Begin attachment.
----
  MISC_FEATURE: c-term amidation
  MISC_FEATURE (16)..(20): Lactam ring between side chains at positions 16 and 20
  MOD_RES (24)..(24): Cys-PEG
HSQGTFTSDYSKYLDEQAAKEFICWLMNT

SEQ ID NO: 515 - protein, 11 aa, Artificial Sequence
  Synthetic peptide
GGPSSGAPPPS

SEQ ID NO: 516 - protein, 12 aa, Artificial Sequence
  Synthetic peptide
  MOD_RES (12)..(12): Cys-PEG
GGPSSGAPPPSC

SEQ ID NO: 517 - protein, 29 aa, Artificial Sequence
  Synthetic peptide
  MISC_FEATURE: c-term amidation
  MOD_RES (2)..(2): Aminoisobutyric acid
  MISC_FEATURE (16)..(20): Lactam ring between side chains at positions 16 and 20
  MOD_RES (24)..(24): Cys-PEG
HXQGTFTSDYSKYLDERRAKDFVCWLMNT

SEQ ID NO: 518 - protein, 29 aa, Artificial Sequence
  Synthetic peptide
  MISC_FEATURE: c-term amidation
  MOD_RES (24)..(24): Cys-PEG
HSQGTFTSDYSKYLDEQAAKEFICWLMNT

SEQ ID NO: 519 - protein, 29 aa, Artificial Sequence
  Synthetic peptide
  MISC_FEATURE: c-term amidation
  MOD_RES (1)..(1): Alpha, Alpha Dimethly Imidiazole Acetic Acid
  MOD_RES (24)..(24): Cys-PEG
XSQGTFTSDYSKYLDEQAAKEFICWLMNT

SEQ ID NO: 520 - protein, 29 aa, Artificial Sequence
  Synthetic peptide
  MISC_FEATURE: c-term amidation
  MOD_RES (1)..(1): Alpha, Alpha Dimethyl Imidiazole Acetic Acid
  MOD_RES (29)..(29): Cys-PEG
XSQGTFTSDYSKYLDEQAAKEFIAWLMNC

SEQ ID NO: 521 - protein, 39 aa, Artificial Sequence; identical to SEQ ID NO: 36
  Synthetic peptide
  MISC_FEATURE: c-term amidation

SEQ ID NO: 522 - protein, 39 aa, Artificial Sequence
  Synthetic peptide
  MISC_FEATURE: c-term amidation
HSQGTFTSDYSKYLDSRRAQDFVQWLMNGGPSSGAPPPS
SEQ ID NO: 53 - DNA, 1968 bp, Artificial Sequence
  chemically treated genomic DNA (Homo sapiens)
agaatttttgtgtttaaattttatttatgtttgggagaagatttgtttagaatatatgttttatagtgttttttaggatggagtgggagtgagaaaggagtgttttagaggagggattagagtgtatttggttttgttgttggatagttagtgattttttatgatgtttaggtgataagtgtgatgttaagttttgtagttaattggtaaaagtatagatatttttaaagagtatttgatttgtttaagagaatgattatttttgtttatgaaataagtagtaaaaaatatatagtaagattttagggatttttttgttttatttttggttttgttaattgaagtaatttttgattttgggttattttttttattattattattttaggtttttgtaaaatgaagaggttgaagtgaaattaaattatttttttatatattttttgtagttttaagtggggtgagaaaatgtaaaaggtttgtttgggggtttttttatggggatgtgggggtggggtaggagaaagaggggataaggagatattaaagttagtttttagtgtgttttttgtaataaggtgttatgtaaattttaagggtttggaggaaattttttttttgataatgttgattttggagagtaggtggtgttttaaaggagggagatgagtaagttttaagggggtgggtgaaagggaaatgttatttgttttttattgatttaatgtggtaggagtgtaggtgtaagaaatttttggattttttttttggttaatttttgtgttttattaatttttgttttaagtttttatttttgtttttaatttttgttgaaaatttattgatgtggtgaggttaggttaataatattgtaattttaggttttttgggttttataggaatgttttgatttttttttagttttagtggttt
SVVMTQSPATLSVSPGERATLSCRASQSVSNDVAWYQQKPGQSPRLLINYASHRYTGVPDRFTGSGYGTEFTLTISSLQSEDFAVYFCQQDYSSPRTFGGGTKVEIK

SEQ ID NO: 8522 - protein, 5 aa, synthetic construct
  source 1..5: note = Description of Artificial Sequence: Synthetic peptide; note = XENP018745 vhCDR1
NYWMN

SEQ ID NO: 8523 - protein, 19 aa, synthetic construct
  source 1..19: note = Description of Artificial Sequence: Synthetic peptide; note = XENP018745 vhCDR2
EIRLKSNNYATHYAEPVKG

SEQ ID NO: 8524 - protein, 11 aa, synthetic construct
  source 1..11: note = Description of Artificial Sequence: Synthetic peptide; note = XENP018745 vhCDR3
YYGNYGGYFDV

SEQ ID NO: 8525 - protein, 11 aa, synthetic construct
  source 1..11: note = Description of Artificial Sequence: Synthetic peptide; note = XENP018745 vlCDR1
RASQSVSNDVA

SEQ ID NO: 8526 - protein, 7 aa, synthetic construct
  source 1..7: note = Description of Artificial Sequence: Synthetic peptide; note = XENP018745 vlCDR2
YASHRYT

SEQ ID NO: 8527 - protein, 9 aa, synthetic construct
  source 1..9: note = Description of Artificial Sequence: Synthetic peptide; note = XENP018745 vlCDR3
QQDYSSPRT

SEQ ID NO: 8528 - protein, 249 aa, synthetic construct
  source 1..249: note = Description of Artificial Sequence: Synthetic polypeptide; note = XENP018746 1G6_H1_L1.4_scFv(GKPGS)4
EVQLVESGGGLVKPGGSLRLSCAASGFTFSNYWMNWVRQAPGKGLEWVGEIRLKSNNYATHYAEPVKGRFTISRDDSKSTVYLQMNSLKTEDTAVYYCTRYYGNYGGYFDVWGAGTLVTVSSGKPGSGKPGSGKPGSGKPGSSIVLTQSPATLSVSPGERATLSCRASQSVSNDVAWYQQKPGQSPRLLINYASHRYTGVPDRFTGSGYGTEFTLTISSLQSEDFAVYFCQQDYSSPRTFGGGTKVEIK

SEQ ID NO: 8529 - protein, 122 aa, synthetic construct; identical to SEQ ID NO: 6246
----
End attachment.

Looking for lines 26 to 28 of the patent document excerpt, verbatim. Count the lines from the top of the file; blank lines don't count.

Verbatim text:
  MISC_FEATURE: c-term amidation
  MOD_RES (1)..(1): Alpha, Alpha Dimethly Imidiazole Acetic Acid
  MOD_RES (24)..(24): Cys-PEG